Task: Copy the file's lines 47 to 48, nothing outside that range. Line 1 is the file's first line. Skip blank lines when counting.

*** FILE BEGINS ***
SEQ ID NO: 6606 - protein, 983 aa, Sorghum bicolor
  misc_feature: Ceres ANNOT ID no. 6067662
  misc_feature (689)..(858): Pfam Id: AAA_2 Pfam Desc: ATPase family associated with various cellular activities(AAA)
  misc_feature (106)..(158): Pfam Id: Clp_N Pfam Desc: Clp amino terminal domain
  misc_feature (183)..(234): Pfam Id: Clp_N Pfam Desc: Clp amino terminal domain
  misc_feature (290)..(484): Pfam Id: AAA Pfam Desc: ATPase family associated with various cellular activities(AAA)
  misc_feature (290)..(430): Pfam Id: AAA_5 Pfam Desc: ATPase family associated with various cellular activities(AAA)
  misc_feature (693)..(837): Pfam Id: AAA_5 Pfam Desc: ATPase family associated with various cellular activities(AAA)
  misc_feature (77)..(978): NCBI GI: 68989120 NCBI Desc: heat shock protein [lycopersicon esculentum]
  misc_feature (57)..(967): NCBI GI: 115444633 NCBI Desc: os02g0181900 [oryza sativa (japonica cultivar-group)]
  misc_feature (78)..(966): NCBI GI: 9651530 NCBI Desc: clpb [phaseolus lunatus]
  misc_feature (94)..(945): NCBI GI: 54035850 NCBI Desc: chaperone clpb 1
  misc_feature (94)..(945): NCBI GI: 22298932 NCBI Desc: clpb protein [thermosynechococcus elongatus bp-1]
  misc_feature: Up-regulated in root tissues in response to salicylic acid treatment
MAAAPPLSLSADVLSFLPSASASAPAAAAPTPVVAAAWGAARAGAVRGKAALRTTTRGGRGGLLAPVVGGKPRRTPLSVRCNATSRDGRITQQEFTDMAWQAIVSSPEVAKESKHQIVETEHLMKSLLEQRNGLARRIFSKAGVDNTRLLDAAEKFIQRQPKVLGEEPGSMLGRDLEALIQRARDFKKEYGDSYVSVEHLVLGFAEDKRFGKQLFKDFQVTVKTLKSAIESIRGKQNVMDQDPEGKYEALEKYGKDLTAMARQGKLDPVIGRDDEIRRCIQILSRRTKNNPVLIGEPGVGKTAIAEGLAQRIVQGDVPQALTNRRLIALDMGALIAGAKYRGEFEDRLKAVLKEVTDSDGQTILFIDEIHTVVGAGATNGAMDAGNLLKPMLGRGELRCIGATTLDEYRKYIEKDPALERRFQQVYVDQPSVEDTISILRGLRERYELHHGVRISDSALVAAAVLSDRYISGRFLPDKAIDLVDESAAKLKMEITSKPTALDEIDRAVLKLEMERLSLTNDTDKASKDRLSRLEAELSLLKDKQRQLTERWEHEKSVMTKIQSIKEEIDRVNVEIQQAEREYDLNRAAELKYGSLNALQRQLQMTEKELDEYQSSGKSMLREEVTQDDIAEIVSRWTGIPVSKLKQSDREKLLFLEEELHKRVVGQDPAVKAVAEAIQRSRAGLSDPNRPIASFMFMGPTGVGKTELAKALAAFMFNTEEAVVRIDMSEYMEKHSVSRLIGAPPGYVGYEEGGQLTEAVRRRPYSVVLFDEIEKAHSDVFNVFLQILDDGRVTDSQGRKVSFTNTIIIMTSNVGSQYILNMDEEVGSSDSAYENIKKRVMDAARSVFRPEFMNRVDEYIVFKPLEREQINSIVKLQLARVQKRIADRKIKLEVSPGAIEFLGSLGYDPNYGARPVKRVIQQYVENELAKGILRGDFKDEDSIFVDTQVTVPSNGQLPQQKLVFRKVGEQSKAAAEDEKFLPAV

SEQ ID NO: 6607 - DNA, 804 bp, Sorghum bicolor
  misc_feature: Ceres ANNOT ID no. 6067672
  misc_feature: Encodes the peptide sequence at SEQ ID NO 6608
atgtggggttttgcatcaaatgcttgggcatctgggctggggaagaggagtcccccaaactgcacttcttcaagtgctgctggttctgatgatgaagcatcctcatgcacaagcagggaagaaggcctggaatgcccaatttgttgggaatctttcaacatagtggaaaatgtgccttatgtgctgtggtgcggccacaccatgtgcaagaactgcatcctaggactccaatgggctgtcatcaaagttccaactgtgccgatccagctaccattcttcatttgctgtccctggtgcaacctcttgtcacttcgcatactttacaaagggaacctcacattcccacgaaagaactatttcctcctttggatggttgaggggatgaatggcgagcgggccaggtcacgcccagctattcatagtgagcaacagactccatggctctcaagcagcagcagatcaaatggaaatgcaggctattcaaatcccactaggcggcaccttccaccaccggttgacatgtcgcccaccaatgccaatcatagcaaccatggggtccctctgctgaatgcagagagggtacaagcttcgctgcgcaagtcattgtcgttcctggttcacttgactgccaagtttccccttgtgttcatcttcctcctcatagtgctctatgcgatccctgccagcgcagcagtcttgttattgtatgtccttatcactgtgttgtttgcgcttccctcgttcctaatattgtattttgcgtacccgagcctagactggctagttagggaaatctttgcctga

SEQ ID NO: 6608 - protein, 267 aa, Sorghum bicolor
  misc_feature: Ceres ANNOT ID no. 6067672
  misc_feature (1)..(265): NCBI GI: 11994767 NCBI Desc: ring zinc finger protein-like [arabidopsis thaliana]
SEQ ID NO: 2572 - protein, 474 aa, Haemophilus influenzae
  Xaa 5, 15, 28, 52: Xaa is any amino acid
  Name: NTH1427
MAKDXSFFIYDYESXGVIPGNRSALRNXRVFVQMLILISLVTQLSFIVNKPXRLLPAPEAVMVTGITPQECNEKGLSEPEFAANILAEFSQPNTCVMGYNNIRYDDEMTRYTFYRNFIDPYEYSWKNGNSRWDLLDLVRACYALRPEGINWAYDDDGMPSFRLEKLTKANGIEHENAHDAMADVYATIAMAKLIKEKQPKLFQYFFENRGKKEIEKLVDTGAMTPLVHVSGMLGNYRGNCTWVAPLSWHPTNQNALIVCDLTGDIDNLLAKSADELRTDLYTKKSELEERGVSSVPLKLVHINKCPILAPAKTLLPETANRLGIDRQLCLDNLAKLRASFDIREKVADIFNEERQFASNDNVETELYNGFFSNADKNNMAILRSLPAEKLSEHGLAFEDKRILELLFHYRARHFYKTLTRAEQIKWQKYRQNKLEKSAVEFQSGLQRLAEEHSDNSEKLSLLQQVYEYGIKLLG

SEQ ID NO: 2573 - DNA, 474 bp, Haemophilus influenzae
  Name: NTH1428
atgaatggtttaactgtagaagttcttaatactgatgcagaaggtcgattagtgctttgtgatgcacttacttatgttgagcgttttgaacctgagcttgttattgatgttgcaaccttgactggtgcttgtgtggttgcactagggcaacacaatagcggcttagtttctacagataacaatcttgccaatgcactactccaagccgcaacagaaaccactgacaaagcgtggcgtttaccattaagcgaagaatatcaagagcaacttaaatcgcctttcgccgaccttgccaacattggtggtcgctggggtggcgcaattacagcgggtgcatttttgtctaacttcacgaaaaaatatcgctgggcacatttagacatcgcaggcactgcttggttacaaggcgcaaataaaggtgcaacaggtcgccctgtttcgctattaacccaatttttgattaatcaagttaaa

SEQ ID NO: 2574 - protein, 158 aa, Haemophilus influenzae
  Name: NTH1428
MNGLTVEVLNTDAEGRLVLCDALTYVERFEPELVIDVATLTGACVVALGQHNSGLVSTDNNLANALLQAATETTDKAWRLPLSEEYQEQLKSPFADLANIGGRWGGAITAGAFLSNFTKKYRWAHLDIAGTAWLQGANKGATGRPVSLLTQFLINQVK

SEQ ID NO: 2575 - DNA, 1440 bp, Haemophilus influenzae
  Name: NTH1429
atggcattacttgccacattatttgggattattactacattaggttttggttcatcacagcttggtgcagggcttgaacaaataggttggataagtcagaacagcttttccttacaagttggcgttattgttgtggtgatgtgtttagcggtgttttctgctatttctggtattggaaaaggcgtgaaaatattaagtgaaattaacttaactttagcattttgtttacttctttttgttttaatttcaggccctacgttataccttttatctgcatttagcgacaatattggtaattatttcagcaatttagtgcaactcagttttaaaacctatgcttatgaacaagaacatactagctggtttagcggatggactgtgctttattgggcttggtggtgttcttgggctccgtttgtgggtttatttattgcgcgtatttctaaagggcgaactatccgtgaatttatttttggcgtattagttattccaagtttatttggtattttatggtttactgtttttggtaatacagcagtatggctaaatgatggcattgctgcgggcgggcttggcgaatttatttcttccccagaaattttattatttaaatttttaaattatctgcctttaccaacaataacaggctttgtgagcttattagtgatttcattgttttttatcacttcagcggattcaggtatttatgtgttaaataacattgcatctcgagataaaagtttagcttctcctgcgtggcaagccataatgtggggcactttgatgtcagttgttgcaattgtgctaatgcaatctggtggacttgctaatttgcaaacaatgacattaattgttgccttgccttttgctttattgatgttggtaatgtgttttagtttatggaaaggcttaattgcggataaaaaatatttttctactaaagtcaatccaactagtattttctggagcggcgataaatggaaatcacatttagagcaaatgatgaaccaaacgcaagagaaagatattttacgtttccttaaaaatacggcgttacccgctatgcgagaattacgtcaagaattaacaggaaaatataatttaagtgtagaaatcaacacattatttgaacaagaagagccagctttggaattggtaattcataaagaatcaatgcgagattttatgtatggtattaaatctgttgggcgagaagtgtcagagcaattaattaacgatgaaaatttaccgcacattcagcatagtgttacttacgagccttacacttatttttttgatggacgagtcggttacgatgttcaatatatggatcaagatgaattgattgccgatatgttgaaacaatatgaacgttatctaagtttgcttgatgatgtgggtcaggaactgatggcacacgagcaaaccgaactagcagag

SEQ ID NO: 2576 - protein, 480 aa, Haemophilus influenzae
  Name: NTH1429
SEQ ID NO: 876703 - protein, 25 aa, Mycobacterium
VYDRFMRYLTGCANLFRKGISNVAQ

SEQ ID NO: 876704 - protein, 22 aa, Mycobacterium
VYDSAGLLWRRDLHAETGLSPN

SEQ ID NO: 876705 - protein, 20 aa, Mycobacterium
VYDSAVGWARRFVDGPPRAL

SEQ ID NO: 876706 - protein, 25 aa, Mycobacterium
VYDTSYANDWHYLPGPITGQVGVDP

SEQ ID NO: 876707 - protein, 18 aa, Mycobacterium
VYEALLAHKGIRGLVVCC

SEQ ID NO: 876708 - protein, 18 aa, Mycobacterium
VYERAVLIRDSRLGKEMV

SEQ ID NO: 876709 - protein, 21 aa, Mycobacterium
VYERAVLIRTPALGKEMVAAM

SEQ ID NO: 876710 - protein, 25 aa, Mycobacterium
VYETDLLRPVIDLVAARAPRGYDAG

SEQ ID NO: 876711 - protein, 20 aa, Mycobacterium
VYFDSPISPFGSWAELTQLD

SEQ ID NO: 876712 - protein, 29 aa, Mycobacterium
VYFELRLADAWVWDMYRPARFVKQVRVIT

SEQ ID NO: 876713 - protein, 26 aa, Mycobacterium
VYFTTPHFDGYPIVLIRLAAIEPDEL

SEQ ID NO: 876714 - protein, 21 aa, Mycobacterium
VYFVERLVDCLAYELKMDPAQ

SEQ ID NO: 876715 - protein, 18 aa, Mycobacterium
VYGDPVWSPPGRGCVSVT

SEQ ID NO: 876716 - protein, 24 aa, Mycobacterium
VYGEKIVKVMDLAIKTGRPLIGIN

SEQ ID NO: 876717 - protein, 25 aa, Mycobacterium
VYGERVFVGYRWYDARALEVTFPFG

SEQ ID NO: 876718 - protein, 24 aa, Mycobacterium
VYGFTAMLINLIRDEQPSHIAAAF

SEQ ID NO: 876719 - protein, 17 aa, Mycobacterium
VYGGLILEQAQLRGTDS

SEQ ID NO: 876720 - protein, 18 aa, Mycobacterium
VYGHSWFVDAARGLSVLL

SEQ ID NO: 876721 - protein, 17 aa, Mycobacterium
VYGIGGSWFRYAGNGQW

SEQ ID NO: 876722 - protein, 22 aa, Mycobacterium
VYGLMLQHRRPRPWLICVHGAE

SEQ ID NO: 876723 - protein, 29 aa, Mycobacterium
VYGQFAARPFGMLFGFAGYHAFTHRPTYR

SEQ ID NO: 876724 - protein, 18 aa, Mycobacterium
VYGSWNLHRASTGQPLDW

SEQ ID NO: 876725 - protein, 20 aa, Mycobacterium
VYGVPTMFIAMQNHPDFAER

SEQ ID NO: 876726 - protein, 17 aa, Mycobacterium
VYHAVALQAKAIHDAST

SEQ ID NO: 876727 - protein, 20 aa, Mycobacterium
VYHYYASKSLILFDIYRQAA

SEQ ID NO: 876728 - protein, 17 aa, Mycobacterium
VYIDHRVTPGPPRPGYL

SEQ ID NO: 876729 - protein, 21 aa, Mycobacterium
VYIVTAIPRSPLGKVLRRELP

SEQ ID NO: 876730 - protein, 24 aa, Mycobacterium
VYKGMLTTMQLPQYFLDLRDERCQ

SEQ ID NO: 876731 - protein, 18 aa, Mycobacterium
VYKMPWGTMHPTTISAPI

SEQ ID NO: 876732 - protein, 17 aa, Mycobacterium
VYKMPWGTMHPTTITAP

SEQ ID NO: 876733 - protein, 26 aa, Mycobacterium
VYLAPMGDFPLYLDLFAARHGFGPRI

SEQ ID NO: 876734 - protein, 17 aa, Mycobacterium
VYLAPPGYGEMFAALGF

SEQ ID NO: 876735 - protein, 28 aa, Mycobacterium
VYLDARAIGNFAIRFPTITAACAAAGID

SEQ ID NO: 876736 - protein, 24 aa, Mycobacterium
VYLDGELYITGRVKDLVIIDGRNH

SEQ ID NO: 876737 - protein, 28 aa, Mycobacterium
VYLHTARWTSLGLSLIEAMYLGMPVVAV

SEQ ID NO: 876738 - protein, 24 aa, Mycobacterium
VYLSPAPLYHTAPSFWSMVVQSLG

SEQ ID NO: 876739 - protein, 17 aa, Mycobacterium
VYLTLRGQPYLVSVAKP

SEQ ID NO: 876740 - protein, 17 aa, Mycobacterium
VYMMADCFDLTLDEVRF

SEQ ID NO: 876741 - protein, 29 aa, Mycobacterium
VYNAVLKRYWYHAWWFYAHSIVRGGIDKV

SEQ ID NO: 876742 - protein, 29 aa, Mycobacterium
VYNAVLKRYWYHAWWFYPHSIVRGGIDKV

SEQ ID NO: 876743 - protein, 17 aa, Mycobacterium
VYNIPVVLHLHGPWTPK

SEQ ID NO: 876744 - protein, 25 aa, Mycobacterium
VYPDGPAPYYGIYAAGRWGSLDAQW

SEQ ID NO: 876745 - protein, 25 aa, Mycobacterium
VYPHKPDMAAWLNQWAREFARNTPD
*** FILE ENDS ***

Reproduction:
VYEALLAHKGIRGLVVCC

SEQ ID NO: 876708 - protein, 18 aa, Mycobacterium